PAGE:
Updated: Mar 3
Plants are definitely having a moment. Actually, quite a big one due to the rise of veganism and plant-based living. I'm going to be exploring a lot of issues around this in my blog, but I'd like to start with one of the wonders of the plant-world...the humble bean.
If you have been following me on Instagram for a while, you’ll know I have a bit of a thing about beans - the pulse variety, not the green bean. Cannellini beans and butter beans are my personal favourites, but there are many different varieties to explore from kidney, black beans to borlotti and edamame. I love the taste of white beans, they are super filling, really versatile and pretty economical too!
Beans are a really healthy addition to your diet. Low in fat and salt and full of fibre and nutrients, such as folate, iron, zinc and magnesium. The fibre in beans is great for gut health, helping to keep us feeling fuller for longer and sustaining our energy levels. Importantly for plant-based eaters, beans are a great source of protein.
Beans take centre stage in the diets of people living in the Blue Zones. These are regions of the world where people enjoy a long, healthy life, with a high proportion of centenarians. Beans are key part of the diet in all five Blue Zones. In Costa Rica, for example, rice and beans are a common breakfast, followed by a burrito with beans for lunch.
If you are following a vegan or vegetarian diet, then beans will most-likely be a common feature in your diet. If you are new to plant-based living, beans make an excellent option whilst making the transition. You can start quite simply by using less meat in your next casserole or chilli and adding in some beans… Here are some other tips.
How to get more beans in your diet:
Top Tip: Beans love spices and herbs so get creative and play around with flavours that you like!
Make them the star of the show with your own veggie chilli or stew: Many supermarkets stock cans of mixed beans or you can buy a few different ones and make up your own recipe.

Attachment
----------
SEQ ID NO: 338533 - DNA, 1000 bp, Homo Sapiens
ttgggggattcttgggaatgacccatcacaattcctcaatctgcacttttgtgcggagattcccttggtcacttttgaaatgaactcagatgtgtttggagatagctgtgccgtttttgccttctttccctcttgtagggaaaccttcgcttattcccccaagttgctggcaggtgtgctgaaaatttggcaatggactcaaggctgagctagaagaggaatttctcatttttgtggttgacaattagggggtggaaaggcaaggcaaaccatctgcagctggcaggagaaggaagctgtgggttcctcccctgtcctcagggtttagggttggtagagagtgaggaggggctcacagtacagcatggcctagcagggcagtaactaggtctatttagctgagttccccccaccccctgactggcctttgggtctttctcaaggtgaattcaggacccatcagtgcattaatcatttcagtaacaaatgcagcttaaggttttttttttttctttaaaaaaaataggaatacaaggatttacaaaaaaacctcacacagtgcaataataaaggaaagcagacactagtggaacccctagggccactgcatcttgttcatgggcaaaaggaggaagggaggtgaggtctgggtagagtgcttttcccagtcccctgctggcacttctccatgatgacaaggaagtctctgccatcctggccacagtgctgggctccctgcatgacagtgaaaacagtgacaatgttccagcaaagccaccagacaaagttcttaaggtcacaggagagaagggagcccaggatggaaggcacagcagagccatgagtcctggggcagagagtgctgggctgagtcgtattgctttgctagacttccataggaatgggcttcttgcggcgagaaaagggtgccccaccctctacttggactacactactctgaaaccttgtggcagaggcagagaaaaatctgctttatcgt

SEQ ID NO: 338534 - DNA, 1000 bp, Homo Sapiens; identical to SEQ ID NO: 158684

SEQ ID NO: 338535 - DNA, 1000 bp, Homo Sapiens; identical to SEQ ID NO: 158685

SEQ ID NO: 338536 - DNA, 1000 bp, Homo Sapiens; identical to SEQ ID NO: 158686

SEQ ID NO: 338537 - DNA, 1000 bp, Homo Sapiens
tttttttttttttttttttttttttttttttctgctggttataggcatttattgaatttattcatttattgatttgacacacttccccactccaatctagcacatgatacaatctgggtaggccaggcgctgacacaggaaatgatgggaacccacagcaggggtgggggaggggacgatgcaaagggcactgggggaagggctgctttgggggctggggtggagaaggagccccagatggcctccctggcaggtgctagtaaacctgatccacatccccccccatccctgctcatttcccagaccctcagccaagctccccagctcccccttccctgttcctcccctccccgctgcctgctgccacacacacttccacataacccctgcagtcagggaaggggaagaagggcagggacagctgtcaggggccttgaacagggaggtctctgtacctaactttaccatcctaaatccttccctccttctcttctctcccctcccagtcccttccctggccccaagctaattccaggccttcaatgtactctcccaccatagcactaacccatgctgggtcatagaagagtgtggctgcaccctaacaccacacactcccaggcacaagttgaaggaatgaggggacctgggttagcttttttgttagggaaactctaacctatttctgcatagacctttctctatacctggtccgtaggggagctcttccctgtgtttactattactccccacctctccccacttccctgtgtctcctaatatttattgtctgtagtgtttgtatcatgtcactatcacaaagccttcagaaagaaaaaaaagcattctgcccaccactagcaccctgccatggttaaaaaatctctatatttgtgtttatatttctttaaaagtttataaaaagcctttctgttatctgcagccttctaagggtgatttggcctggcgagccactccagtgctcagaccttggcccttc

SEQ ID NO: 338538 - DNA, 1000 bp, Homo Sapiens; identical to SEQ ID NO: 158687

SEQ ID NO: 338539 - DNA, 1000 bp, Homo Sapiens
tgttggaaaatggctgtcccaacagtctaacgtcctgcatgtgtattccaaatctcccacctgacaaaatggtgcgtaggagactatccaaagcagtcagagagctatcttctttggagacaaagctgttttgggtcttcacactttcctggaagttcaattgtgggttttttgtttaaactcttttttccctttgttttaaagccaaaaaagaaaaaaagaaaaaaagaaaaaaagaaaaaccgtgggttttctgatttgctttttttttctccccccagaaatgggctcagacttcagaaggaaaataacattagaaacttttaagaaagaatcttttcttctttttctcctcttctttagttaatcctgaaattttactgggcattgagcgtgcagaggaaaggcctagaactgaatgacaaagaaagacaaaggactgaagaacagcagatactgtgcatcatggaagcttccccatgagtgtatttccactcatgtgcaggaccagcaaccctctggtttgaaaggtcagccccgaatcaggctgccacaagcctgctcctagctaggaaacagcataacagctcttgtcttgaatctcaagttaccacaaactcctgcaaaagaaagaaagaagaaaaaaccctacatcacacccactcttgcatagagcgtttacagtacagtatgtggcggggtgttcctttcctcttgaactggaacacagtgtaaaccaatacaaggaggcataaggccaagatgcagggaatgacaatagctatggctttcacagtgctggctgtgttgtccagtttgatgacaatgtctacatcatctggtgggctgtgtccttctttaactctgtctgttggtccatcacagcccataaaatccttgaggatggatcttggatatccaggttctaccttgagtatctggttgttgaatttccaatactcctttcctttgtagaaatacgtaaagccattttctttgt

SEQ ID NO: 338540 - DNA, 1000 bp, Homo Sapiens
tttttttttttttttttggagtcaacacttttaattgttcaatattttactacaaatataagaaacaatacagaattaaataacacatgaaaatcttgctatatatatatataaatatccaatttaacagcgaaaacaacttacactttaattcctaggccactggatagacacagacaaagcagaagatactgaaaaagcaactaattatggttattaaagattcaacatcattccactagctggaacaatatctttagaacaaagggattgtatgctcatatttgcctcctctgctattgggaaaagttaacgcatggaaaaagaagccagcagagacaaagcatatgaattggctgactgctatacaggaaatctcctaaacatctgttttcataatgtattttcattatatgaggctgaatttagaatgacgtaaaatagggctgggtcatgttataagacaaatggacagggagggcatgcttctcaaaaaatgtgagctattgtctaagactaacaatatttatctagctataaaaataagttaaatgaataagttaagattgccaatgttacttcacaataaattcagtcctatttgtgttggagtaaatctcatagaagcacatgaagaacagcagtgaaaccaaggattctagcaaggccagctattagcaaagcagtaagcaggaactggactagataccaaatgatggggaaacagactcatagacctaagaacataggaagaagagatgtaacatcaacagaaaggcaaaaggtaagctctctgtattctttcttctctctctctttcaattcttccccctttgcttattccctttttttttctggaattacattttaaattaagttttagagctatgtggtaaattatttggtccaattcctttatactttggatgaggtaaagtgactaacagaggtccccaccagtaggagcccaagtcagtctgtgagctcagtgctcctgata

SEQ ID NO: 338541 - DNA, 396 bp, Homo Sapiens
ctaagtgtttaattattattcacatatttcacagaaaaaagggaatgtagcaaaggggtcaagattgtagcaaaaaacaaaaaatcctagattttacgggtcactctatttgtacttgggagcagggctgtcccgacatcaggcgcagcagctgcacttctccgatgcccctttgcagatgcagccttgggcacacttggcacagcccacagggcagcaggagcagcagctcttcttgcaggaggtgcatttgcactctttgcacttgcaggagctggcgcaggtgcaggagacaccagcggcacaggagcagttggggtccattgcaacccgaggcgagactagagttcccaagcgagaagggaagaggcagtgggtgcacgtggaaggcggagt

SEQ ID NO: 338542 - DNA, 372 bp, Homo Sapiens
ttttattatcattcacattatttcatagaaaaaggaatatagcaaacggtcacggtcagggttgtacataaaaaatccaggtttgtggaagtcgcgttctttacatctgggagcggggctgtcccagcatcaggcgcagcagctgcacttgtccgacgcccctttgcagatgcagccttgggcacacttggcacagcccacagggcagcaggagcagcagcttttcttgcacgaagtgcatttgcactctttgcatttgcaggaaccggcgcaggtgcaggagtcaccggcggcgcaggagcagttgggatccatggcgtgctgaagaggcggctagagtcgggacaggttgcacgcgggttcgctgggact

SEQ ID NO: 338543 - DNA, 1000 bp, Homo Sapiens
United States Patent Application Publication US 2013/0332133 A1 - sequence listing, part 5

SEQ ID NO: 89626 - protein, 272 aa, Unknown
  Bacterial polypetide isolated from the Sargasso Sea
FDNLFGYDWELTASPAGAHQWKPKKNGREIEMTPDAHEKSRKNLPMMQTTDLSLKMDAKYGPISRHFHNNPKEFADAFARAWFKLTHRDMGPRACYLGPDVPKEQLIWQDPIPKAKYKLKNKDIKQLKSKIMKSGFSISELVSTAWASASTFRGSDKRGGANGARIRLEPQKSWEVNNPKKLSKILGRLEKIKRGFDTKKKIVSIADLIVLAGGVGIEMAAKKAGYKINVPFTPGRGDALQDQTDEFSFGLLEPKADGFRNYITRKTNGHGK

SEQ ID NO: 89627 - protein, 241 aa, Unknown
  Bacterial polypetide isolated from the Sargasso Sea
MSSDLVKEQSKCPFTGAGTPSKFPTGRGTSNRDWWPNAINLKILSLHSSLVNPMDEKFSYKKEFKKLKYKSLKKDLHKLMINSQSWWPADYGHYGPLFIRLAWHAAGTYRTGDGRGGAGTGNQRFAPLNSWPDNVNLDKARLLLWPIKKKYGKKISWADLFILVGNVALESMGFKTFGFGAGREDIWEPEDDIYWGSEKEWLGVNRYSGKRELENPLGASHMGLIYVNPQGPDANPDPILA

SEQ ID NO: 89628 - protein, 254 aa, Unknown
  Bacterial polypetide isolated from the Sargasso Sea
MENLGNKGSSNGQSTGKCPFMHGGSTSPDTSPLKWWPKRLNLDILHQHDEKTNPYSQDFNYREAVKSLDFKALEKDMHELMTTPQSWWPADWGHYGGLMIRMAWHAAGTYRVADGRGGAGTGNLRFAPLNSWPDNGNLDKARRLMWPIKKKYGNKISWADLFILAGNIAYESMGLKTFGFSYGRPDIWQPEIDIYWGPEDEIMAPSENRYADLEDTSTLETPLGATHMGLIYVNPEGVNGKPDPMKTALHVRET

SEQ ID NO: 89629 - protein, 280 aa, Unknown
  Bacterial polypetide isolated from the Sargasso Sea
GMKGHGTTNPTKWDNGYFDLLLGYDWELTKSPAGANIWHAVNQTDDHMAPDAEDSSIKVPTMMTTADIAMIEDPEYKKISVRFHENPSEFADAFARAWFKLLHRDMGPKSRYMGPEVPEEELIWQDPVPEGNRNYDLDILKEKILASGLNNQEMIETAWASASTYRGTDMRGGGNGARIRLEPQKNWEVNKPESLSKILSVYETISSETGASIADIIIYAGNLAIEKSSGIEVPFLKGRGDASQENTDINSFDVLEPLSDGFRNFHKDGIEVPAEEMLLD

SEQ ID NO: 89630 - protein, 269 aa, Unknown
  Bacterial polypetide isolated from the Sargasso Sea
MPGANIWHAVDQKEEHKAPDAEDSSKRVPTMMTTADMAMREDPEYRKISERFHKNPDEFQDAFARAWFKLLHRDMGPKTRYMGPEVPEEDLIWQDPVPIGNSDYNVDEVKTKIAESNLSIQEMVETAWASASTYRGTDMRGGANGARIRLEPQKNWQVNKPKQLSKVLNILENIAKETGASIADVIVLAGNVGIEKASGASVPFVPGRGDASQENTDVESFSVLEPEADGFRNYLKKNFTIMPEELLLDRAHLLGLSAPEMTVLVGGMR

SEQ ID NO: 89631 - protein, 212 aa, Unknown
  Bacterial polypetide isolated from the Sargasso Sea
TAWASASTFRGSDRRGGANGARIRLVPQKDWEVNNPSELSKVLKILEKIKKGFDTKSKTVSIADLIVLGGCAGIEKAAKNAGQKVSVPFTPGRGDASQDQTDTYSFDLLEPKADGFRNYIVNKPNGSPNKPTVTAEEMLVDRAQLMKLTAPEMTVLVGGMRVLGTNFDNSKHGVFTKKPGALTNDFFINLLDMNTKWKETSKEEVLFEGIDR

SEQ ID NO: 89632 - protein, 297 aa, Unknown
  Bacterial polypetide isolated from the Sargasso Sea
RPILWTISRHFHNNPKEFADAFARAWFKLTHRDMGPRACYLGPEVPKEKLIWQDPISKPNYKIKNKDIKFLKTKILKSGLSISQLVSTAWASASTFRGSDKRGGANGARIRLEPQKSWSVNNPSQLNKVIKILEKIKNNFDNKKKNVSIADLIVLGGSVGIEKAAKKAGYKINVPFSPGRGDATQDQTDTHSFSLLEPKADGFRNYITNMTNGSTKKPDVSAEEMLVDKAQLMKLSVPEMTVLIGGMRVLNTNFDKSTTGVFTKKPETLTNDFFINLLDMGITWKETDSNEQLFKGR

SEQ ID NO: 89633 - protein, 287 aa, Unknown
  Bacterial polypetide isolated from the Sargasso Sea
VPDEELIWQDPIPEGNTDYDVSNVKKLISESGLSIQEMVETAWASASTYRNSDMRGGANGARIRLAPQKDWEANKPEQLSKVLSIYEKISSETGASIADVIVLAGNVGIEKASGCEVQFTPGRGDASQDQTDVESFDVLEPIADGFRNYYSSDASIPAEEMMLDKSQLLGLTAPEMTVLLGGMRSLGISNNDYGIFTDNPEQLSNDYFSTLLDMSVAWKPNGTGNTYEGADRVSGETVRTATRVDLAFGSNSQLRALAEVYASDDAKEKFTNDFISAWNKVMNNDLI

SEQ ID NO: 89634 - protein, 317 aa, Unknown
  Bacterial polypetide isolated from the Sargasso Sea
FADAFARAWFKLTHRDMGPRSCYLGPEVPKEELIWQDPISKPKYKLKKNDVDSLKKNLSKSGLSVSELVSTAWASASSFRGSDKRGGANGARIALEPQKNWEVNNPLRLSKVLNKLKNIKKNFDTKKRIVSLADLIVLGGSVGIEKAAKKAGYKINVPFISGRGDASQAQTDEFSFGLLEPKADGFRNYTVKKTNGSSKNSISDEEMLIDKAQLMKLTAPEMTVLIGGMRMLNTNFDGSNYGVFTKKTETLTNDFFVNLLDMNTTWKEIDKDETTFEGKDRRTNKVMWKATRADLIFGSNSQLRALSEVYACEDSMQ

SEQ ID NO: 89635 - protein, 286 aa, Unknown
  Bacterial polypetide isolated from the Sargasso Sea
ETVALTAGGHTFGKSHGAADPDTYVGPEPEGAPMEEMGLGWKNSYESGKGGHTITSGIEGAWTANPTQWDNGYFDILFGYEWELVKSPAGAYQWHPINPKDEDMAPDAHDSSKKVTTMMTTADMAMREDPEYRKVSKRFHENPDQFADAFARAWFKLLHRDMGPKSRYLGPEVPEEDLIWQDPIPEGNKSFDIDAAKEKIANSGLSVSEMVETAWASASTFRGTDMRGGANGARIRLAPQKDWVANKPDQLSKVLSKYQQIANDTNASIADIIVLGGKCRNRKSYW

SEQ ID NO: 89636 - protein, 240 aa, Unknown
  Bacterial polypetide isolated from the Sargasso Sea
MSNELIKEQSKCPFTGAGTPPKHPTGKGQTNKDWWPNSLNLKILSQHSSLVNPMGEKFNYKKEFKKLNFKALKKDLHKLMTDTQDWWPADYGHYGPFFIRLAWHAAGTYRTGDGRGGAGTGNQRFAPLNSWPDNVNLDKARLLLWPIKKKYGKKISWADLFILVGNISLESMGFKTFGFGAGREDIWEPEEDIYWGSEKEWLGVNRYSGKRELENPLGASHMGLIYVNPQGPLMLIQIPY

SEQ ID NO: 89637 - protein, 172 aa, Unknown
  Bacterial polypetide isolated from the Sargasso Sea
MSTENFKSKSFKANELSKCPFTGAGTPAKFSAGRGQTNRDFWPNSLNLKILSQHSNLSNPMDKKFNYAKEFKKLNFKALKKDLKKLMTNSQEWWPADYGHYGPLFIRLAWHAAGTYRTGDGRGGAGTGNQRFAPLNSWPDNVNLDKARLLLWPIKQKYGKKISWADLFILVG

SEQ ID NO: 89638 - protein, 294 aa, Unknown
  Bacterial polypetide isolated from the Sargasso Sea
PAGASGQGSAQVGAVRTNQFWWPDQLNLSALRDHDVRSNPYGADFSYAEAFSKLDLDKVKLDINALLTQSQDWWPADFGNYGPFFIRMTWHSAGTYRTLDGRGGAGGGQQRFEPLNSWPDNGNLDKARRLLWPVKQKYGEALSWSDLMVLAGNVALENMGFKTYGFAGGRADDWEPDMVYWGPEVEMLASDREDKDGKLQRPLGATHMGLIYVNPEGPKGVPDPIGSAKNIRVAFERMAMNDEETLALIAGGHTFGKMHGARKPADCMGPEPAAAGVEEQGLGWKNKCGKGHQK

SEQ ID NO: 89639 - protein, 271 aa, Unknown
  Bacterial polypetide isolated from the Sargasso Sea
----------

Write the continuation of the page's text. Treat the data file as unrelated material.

Beans make a great addition to casseroles, soups and stews: Add a can of cannellini beans to your chicken casserole. It can also help to thicken up the sauce and add texture.
Butter beans also work well with a slow cooked roast lamb if you have lots of gravy. They go really soft and absorb lots of flavour.
Make your own home-made baked beans: This is my favourite. You can easily make this and freeze small portions to have at lunchtime. They make a great addition to a weekend brunch too.
Add them to a salad: Beans make a great addition to a salad. Black beans are lovely with sweetcorn and salsa as a Mexican side.
Smoky home-made baked beans
Makes 8 servings
2 red onions chopped
2 tins cannellini beans
2 tins chopped tomatoes
1 can butter bean
2 large garlic cloves, sliced finely
2-3 heaped tsp smoked paprika
6 medium tomatoes
1 tbsp maple syrup
Salt and pepper
Saute the red onion in the oil until soft, then add slices of garlic. Cook for a few minutes.
Add all the beans, paprika and cook for 5 minutes.
Add the fresh and canned tomatoes, stir in and add one can of water.
Slowly bring to the boil, stirring from time to time.
Add the maple syrup and season to taste.
Simmer for another 30 minutes to one hour until the sauce thickens.
Serve on some sourdough toast or as a side to a bigger meal. The beans above are served with herby avocado and sweet potato fritters.